Globalization and Inequality in CIS Countries: Role of Institutions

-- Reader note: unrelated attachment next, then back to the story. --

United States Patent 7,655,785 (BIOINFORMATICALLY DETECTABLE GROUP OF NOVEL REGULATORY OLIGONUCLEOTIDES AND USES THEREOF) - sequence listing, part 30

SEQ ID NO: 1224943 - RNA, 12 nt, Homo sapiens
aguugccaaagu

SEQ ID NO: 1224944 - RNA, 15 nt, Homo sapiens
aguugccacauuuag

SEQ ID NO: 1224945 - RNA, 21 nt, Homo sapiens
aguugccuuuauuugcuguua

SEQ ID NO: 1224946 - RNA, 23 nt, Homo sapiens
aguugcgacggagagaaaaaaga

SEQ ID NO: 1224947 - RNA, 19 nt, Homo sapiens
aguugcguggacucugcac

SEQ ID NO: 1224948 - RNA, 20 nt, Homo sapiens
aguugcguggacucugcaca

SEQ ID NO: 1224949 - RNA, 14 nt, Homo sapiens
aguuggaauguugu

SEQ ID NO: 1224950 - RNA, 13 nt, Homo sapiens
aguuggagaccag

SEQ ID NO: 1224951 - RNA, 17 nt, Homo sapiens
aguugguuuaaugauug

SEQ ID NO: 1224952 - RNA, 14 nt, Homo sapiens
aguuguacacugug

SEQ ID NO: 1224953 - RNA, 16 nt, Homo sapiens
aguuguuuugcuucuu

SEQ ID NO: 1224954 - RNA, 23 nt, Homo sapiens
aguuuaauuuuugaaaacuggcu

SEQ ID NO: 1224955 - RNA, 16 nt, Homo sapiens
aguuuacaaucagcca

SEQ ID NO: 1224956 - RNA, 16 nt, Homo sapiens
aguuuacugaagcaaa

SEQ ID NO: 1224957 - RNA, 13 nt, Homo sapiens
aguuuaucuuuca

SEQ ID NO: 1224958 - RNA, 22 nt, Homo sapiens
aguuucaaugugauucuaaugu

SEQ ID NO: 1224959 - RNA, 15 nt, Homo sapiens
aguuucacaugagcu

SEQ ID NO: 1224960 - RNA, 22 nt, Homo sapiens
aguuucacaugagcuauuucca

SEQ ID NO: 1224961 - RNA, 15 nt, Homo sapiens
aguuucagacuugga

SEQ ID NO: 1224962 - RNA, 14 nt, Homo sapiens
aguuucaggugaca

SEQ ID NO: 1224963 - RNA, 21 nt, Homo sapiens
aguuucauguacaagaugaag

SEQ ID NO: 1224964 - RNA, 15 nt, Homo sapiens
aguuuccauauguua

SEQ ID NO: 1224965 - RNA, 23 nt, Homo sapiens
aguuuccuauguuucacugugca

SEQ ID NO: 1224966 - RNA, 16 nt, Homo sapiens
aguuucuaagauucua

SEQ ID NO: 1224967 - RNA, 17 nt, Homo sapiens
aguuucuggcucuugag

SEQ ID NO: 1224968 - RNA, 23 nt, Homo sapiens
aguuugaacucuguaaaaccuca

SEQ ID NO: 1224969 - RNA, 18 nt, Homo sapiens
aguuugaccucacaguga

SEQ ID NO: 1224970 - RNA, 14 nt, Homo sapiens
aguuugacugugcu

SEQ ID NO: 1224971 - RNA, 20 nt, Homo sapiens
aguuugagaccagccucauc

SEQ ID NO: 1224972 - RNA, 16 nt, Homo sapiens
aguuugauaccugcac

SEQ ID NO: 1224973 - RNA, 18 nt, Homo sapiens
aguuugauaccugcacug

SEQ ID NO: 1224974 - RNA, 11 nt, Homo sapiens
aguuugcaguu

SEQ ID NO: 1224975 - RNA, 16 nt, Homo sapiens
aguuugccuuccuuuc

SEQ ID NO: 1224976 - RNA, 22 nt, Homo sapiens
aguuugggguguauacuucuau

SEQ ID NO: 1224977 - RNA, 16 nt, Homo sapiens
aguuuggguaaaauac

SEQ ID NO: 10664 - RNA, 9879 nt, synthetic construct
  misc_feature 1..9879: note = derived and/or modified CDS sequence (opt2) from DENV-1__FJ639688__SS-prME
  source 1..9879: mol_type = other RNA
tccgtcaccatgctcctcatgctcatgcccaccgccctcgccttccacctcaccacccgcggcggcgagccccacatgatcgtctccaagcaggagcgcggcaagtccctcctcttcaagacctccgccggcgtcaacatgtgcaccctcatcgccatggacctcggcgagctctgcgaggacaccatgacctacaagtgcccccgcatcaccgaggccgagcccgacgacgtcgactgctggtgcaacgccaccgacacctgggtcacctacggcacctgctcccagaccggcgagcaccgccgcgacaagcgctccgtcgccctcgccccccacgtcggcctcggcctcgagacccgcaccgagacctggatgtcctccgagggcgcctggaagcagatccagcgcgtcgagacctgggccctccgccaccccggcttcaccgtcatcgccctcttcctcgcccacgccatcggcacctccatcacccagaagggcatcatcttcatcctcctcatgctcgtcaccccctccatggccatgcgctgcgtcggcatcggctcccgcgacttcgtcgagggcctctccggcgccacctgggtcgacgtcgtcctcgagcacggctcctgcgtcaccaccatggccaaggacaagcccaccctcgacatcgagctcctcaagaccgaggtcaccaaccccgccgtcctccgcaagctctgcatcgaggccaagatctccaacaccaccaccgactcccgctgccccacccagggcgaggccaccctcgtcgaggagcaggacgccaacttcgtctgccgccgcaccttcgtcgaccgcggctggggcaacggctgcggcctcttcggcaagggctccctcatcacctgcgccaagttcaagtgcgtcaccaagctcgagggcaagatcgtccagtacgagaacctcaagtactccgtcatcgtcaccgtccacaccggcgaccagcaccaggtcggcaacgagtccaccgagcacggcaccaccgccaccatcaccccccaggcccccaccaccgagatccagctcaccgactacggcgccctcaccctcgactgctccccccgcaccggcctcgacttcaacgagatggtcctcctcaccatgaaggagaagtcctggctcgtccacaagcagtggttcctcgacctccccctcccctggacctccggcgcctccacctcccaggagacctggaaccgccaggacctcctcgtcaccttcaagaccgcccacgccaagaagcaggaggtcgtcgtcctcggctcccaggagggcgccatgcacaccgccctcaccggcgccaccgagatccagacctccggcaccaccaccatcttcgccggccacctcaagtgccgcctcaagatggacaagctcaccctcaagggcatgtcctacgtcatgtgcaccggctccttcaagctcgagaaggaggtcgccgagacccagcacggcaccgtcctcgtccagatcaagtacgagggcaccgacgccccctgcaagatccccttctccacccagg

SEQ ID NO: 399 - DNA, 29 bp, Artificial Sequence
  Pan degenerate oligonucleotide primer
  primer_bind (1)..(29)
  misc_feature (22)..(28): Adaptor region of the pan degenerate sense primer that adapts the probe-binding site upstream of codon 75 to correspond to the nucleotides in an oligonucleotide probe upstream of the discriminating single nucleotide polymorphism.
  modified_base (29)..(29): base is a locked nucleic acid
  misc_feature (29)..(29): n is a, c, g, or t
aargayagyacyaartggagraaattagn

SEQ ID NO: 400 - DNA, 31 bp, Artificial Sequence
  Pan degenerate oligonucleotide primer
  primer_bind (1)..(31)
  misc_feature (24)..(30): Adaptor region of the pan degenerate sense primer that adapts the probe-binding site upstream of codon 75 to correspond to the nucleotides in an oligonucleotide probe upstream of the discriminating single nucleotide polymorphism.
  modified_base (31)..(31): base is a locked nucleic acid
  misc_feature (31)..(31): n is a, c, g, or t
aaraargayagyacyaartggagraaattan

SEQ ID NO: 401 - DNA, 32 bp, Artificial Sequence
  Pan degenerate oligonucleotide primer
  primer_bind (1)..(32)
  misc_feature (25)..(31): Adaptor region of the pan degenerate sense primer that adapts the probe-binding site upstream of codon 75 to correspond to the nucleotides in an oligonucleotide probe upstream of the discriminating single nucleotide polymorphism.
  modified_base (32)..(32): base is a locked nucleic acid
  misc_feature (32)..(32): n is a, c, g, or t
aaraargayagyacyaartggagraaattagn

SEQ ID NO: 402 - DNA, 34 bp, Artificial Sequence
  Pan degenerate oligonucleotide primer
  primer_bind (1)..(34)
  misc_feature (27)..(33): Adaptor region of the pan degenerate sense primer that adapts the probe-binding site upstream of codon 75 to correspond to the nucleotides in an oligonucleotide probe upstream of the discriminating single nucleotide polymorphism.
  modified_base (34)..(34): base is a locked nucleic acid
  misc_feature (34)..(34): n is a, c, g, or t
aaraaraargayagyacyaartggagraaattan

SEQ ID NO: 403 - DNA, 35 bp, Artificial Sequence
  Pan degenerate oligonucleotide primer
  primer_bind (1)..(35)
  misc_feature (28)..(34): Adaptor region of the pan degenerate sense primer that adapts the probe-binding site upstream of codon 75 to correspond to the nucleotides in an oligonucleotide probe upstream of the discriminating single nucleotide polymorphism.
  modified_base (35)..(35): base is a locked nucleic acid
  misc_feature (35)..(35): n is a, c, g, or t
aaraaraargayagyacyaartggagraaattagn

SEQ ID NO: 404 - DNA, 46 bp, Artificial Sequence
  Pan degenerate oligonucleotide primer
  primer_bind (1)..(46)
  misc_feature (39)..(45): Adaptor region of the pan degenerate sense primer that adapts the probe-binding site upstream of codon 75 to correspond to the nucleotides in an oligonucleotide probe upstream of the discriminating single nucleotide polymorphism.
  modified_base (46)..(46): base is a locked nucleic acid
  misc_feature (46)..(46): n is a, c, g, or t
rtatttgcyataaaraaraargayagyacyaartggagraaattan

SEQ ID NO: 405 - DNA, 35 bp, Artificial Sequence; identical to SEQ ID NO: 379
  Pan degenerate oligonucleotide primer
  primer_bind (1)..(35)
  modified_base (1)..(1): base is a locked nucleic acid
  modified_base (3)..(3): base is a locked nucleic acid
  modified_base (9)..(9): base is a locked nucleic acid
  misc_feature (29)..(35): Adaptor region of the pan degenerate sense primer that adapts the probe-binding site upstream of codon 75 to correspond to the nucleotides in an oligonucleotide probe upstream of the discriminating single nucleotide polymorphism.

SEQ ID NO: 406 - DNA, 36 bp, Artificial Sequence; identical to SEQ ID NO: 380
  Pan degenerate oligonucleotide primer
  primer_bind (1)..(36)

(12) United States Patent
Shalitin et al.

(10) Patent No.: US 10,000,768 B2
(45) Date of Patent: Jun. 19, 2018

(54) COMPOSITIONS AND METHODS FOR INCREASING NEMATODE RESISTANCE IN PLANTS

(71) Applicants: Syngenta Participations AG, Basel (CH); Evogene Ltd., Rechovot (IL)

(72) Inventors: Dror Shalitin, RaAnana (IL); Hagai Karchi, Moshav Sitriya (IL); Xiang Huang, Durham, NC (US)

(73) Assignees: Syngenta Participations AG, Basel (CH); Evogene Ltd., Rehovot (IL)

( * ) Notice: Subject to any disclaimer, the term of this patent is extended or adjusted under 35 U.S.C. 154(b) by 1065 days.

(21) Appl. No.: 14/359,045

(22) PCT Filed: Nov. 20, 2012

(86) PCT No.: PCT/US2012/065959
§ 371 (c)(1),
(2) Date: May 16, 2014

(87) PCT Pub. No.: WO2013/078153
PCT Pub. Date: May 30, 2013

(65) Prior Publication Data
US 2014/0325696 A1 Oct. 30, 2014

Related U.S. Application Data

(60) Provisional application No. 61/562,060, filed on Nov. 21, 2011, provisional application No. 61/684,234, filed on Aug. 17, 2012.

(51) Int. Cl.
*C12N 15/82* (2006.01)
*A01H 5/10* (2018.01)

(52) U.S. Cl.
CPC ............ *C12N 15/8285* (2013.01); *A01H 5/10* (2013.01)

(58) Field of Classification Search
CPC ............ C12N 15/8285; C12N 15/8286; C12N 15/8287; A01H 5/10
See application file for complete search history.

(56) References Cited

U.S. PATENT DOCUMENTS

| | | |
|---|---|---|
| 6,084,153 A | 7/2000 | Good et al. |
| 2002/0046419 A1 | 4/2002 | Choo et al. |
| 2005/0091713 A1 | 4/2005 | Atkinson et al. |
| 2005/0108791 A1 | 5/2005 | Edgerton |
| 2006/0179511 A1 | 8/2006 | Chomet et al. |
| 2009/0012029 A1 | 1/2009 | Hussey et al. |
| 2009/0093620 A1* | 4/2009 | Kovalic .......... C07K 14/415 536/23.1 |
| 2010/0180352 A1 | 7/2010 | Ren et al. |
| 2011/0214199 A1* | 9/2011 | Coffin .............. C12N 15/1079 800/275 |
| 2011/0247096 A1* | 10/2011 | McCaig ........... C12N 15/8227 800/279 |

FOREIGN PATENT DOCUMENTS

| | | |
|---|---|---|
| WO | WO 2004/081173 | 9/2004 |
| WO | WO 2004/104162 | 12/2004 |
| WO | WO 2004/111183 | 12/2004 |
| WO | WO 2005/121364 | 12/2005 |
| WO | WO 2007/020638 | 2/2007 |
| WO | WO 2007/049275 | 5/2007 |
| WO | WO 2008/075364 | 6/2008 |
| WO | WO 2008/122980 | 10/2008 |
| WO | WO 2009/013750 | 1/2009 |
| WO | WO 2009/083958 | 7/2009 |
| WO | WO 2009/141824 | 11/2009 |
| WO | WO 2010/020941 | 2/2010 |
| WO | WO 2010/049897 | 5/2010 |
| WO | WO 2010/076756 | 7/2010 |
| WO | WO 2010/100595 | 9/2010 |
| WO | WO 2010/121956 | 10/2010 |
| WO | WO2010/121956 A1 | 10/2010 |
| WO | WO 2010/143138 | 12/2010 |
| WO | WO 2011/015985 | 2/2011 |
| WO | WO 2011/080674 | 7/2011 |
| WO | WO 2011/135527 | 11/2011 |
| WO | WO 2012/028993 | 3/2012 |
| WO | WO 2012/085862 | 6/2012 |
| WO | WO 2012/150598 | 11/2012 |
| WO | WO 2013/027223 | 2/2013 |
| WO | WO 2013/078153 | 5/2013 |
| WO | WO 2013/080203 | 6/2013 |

The process of opening and integration into the world economy in the CIS countries has been part of a more complex process of transition from the planned to market economy. Over the last 10 years most of these countries have liberalized their trade regimes versus non-CIS countries, introduced their own currency, and to some extent liberalized flows of direct and portfolio investment. These and other reforms were accompanied by a pronounced output decline, an increase in poverty rates and inequality indexes. Of course, most of these changes in output and income inequality are attributable to the transition process. However, it is still interesting to know whether globalization and trade opening have enhanced or, on the contrary, decreased the negative effect of transition on incomes in transition countries. Comparison of outcomes in various countries suggests that trade policy per se was less important than the ability of governments to enforce it. Countries, where reforms were implemented slowly, but the government institutions did not collapse, experienced smaller overall output decline, and smaller increase in inequality. Countries with weak governments often performed as “passive globalizers”: the trade-to-GDP ratios in them were quite high, partly accounting for capital flight. In contrast to active globalizers, output in these countries declined, while poverty and inequality increased. However, the worst results were seen in countries cut off from international trade, because of being landlocked or at war or in bad economic relations with the neighboring countries.
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